Archive for February, 2012

Is it possible to fight a blood or breath test in a DUI case?

A Tennessee DUI lawyer should never take a chemical or breath test at face value.  Different testing procedures are used across Tennessee to determine the amount of alcohol in a driver’s blood.  Some Tennessee law enforcement agencies choose to draw blood from a DUI suspect, others use a breath test, and some even obtain a urine sample for analysis.

No matter what testing mechanism is used, the tests are not foolproof.  Machines malfunction.  Like a toaster, dishwasher, or hair dryer, machines wear down and break over time. Devices that collect and analyze blood, breath and urine are no different.  Some machines and methods are less reliable than others.  The tests are further subject to error by those persons involved in the collection and analysis processes.

A Tennessee DUI attorney should be familiar with the different tests and machines used in Tennessee.  Hiring a motivated Criminal Defense lawyer gives someone the opportunity to fight all of the facts.  In some cases, it may be possible to prevent the chemical test result from being used as evidence.

Additional information about Tennessee DUI offenses can be found on our websites at www.tndui.com and www.duiknoxville.com.   You may also speak with one of our attorneys, You may reach Steve Oberman, Sara Compher-Rice or Nate Evans, by calling (865) 249-7200.

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What if a person accidentally misses a court date for a Tennessee DUI?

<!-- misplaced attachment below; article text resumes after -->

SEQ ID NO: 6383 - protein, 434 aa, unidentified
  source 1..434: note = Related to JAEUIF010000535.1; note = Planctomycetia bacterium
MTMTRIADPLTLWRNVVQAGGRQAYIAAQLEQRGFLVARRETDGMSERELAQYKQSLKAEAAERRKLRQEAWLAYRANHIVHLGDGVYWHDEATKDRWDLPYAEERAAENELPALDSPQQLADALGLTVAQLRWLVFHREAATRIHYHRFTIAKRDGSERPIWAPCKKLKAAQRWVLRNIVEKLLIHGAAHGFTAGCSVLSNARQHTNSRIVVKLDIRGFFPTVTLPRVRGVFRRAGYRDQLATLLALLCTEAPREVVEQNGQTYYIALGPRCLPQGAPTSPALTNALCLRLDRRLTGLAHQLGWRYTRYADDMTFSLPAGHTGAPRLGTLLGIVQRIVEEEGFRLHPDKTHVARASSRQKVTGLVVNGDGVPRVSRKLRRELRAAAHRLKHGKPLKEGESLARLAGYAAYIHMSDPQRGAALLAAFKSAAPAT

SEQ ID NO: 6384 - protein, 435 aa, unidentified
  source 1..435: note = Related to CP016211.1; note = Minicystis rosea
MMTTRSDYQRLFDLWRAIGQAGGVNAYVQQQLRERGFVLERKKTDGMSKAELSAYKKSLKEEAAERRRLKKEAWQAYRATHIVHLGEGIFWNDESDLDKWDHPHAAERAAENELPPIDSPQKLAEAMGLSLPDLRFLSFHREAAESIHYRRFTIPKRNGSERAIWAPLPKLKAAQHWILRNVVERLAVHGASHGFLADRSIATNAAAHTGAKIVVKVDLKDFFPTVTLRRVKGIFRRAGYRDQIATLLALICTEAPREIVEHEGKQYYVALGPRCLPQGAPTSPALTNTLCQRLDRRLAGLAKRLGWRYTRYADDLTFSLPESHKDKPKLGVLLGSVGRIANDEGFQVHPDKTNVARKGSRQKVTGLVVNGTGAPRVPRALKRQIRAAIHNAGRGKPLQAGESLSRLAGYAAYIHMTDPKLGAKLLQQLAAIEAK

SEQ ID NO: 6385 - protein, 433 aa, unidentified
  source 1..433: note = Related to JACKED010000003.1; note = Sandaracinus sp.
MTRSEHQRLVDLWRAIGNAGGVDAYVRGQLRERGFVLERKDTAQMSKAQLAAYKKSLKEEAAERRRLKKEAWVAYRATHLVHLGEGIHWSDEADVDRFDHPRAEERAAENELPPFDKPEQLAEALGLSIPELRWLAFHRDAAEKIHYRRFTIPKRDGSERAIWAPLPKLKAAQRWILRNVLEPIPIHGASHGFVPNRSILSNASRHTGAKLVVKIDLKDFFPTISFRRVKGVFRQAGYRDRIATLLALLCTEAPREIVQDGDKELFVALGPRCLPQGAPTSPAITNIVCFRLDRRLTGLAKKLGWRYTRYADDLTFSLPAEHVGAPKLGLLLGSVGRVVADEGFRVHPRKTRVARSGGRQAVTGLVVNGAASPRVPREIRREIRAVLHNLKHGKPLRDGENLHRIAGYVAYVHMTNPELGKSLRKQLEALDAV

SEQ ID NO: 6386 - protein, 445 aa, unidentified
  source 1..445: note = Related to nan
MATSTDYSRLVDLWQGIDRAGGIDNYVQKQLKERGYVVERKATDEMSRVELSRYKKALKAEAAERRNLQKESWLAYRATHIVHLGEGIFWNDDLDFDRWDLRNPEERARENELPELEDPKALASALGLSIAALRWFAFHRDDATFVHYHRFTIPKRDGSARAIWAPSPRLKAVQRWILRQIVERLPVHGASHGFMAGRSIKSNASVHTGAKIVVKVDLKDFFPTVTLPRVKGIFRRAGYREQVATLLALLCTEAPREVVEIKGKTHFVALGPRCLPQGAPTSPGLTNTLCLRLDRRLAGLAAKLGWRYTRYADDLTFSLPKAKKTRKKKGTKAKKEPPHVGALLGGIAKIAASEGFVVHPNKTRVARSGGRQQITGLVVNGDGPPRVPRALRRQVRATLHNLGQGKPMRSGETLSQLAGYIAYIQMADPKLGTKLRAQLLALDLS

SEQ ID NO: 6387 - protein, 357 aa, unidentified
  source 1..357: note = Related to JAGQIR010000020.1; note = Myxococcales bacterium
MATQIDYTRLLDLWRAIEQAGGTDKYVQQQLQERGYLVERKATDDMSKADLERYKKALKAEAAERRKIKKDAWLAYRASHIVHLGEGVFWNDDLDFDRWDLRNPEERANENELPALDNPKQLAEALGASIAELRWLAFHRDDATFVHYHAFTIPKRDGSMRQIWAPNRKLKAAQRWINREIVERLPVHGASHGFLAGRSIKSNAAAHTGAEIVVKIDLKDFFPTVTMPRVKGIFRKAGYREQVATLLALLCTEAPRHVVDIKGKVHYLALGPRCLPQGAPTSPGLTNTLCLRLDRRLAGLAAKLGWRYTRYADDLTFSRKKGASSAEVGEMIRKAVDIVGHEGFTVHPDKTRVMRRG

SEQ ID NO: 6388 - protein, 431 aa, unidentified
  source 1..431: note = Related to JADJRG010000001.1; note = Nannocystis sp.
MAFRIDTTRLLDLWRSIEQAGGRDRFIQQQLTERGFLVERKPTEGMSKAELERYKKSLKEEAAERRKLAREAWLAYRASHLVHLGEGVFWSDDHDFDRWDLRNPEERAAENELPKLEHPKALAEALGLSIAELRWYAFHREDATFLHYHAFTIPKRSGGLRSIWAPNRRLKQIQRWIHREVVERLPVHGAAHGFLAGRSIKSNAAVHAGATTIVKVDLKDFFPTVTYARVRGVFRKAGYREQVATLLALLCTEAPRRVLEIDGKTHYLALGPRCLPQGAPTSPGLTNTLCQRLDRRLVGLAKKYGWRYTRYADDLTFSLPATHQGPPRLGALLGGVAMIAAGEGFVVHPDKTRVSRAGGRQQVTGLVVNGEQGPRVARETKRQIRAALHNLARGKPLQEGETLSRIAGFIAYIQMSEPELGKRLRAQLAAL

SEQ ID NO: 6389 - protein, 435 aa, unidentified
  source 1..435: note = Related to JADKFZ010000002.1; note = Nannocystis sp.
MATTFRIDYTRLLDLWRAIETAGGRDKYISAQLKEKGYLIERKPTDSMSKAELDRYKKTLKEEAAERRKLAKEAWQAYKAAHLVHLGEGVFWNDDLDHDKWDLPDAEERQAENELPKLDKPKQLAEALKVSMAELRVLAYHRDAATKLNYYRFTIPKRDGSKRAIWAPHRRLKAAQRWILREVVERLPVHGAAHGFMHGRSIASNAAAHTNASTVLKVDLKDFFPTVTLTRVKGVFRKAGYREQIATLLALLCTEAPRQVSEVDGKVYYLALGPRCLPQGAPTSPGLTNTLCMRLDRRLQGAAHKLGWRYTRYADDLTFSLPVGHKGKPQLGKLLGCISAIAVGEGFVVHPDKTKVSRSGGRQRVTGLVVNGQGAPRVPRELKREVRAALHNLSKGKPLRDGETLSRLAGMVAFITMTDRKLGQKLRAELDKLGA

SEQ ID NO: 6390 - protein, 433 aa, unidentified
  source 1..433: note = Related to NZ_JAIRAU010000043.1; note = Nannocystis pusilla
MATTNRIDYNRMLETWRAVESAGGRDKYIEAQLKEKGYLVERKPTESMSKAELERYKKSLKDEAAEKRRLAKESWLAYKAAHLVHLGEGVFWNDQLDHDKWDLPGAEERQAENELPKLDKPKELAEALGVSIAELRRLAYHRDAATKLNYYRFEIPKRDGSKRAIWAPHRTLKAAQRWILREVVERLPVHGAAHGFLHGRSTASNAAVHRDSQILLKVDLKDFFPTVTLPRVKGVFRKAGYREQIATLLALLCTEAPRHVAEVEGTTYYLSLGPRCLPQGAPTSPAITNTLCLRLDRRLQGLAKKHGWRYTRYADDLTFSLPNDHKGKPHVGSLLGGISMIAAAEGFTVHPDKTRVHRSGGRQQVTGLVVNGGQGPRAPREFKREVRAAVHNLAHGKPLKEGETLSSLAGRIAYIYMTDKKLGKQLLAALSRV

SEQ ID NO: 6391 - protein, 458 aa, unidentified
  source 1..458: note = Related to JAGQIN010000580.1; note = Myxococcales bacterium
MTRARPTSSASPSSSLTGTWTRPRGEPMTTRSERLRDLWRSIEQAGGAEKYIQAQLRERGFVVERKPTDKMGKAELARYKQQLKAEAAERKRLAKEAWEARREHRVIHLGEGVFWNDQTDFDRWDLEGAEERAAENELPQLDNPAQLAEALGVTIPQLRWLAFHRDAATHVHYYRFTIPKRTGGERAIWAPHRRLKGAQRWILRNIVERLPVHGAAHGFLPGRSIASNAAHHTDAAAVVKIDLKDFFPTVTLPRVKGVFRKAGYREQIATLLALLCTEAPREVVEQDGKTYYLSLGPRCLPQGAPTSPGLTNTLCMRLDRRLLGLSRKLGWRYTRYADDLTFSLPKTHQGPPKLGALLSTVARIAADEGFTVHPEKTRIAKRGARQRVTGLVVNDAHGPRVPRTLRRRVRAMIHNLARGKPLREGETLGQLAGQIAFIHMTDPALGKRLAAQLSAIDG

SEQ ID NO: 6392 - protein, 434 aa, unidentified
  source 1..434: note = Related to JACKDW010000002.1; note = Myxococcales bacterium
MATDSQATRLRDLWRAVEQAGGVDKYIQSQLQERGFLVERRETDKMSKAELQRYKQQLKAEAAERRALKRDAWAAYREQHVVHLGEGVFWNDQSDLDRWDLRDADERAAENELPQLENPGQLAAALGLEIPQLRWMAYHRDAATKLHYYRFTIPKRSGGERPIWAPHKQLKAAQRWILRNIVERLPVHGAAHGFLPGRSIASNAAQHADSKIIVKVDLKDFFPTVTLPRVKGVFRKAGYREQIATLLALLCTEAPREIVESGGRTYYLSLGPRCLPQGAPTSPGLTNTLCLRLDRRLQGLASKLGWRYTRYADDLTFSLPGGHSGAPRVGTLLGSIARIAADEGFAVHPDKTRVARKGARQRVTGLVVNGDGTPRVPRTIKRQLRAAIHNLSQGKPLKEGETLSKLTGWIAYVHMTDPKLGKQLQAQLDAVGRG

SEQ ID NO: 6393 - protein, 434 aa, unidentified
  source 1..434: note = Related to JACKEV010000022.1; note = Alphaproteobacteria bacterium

Court dates should always be a defendant’s highest priority, aside from urgent family emergencies.  If a person expects to miss a court date or has missed a court date in the past, he should contact his attorney as soon as possible.

When a person misses a court date, the court may issue a warrant for that person’s arrest or may charge that person with “Failure to Appear” in court, a separate, Class A Misdemeanor.  The effect of a missed court date will vary in each case depending on the presiding judge, the facts of the case, the amount of advance notice provided to the court, and the practices of the local county.

If a good reason exists as to why a person will miss a court date, a judge may show leniency.  In this type of situation, an experienced Tennessee Criminal Defense lawyer will work to avoid an arrest or incarceration for his or her client.  If you missed your court date and do not have a Tennessee Criminal Defense lawyer working for you, contact one immediately.

If you have questions about your Tennessee DUI or other criminal charge, our lawyers are available to assist you.  Sara, Steve, or Nate will be happy to speak with you at (865) 249-7200.  You may also review our websites at www.tndui.com, www.duiknoxville.com and www.tncriminaldefense.com.

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Restricted License Form for Tennessee DUI

If convicted of a Tennessee DUI offense, or a similar crime in another state, a Tennessee licensee may be eligible to obtain a restricted driver’s license to allow the person to drive during, at least a portion of, the driver’s license revocation period.  One should consult with an attorney in the appropriate county–either the Tennessee county where the DUI offense occurred or the person’s Tennessee county of residence–to obtain an Order for restricted driving privileges.  A copy of this Order can be viewed by clicking here.

Additional information about eligibility for a Tennessee restricted driver’s license, as well as the requirements for obtaining such a license, can be found on the Tennessee Department of Safety’s website by clicking here.  The attorneys at the Oberman & Rice law firm are also available to assist you in obtaining a Tennessee restricted driver’s license.  You may reach Steve Oberman, Sara Compher-Rice or Nate Evans by calling (865) 249-7200.

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